This was, believe it or not, my first visit to France – unless you count an ill-prepared hike with our snowboarding gear from Pas de la Casa across the border into France. I don’t have much to say, so I’ll keep the words to a minimum.
It was the morning after Bastille Day, and the sun was shining here in Lyon. There was a terrible incident that occurred in Nice, but thankfully no such violence here. Still, there was a distinct mood of a country in mourning.
Our plans were pretty flexible – visit the St. John Cathedral, climb the hill to the Notre Dame, wander around the ancient Roman amphitheatre, and eat all the French food we could find.
The cathedral was enormous, with an interior that was simpler than I’d expected. It was still grand, and very elegant, with the lovely glowing light – it just wasn’t decadent as expected. It was refreshing to be able to take photos inside, too. I guess the French aren’t as serious about Religion as some other European countries (I think I’d have been shot had I tried to remove my camera in Moscow).
Coming from London, where the summer had yet to even make an attempt at an appearance, we were shocked by the heat, and the strength of the sun. The walk up to the Basilica was filled with complaints about the heat, and the sweating. We’d heard that Lyon was rich in street art, but sadly we didn’t come across all that much during our wanderings. But, the moment we reached the top, and feasted our eyes on the outlook, it was content silence, with maybe a few ‘wows’ and ‘awws’ thrown in.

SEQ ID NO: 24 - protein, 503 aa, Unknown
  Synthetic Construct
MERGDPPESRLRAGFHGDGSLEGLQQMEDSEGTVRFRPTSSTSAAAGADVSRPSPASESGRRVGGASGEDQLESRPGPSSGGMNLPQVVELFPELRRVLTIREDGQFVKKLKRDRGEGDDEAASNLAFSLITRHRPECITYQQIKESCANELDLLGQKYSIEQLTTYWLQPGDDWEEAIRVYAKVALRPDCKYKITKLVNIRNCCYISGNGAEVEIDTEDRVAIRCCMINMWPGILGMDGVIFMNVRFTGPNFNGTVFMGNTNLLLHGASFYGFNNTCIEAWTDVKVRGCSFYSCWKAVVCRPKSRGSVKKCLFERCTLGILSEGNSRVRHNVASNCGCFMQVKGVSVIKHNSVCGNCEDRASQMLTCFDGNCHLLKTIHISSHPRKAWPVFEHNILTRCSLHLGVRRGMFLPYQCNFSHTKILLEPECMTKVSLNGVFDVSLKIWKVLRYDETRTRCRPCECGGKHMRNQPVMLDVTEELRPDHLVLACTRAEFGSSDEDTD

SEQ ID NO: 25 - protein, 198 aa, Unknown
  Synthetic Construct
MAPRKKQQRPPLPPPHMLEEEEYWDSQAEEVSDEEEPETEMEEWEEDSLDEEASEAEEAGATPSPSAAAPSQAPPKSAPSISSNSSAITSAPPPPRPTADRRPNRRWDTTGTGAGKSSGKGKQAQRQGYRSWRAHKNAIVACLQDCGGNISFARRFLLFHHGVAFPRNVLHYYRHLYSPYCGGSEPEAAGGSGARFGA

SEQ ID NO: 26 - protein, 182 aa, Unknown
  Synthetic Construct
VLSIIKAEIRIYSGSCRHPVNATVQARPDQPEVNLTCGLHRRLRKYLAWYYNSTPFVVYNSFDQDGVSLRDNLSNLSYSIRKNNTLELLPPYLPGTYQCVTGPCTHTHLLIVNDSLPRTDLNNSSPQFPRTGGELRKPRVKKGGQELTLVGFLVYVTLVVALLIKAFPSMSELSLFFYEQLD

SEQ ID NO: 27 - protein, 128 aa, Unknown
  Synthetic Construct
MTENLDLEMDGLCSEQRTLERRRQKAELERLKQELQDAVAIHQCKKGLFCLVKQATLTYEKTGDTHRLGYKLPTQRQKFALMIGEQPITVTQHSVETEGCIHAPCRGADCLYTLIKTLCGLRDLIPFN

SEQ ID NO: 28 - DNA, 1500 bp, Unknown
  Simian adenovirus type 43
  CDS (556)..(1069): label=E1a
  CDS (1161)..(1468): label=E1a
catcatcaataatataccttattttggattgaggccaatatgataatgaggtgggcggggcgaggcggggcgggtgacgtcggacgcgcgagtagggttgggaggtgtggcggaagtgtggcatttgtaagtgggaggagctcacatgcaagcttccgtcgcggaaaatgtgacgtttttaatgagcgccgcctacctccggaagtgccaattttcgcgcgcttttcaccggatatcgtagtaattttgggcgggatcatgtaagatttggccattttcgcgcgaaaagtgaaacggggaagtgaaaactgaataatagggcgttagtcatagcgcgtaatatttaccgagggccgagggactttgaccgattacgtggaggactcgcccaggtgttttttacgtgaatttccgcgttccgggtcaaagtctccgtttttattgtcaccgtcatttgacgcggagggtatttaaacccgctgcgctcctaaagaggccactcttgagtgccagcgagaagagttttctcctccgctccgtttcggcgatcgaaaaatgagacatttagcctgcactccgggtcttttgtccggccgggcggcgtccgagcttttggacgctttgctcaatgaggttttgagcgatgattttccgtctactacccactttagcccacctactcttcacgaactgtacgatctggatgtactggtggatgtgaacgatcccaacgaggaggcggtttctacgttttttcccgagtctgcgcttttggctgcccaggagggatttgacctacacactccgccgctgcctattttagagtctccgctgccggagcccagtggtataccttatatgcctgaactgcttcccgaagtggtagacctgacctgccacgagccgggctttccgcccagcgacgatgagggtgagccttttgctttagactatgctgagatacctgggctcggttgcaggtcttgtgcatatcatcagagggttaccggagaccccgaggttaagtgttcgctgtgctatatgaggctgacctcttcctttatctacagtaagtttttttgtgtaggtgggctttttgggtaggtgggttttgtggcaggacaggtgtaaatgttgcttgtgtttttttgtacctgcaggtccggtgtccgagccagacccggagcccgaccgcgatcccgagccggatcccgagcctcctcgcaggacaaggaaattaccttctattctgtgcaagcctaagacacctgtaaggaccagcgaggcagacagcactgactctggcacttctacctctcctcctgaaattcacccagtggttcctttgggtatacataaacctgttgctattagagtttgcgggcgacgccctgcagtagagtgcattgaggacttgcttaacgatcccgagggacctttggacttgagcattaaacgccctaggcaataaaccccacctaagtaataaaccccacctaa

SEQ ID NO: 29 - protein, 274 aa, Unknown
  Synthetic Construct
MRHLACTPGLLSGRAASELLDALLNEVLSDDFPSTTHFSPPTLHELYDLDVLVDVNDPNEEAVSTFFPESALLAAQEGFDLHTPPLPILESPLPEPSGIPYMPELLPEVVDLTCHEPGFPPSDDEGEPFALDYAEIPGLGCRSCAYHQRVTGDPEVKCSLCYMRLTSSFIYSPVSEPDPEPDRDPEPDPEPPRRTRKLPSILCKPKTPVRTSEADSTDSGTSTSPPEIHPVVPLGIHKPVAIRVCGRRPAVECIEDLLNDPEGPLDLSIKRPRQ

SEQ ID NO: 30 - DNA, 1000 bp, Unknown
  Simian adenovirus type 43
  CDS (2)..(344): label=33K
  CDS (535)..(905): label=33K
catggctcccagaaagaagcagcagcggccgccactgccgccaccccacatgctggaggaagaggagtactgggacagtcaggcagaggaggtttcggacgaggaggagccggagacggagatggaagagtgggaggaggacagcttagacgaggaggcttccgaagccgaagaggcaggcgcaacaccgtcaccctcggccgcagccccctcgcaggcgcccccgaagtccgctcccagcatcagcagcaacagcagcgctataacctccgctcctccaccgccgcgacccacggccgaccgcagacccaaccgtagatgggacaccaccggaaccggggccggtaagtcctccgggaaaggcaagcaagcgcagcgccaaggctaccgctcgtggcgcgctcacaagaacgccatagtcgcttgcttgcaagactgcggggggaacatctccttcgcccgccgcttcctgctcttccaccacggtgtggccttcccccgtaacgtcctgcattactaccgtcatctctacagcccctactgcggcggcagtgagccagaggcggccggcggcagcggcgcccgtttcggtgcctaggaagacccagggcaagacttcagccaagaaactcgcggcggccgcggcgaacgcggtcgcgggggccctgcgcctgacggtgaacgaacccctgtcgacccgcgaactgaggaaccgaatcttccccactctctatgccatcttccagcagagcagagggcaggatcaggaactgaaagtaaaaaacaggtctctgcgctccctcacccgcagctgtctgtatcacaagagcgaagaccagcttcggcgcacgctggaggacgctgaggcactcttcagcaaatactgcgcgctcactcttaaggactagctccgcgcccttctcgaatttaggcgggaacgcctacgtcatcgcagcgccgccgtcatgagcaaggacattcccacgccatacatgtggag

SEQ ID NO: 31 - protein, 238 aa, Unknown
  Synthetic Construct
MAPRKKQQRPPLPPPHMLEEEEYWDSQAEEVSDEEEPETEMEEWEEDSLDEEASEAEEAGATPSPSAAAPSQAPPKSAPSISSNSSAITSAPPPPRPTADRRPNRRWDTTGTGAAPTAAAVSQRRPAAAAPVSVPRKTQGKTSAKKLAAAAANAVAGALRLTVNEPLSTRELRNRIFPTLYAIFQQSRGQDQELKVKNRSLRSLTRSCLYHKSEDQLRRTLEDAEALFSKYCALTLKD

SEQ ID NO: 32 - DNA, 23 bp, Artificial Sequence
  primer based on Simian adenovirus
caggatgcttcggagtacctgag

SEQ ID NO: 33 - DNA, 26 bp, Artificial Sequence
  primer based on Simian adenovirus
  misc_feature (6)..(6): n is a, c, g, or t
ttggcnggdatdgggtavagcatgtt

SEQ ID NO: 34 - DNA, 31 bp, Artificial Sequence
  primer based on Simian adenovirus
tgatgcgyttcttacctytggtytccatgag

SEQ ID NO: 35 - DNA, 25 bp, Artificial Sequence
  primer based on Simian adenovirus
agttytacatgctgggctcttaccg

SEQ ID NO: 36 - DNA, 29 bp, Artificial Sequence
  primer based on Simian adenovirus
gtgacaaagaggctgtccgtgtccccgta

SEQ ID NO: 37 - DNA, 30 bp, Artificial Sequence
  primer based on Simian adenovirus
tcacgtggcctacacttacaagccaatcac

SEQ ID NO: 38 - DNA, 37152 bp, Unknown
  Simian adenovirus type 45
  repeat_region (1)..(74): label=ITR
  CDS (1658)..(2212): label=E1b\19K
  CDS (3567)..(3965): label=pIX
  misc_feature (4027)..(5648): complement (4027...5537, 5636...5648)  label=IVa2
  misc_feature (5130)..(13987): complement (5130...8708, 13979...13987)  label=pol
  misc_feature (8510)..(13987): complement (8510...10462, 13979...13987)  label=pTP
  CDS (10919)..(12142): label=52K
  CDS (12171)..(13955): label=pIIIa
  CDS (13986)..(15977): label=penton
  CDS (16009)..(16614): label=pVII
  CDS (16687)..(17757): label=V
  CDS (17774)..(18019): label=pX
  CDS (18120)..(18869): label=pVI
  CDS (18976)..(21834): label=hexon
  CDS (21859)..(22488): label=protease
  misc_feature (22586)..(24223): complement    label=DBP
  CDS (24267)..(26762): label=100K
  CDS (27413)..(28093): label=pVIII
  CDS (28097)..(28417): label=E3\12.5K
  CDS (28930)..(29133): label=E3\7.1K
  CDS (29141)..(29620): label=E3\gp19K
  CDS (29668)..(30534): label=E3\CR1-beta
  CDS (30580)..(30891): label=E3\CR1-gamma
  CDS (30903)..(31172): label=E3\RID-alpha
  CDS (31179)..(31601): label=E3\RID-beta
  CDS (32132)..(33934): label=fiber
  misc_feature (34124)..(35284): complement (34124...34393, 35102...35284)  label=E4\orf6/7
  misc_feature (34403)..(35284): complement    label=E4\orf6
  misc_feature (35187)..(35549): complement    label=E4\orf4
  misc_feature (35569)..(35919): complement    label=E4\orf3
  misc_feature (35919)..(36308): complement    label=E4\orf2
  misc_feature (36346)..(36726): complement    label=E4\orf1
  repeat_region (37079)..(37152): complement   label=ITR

The Notre Dame was the complete opposite of the cathedral, with marble, and gold leafing applied to as many surfaces as possible. It was an incredible display of wealth, opulence, decadence and power.
The Roman amphitheatre was surprisingly large, and complete. There were opera performances that took place during the summer, so it had a bit of a hybrid feeling – these beautiful old bricks making up the seating, combined with the brand-new soundstages and lighting.
We weren’t pressed for time, so we wandered around aimlessly, passing through the main shopping district, and picking up a few sweet snacks.
The tree lined boulevards were lovely, doubly so with the unexpected dry heat.
We hired bikes, and acted just like every tourist (and local) acts on the Boris bikes in London. However, it did allow us to make very rapid progress around the city, including a really lovely lap around the botanic gardens – including the free zoo.
Dinner was at a great little bouchon called Chez Mounier. Highly recommended by a local friend, and was almost entirely filled with French. The food was simple, cheap, super tasty and representative of Lyonnaise cuisine – or least I was told that it is.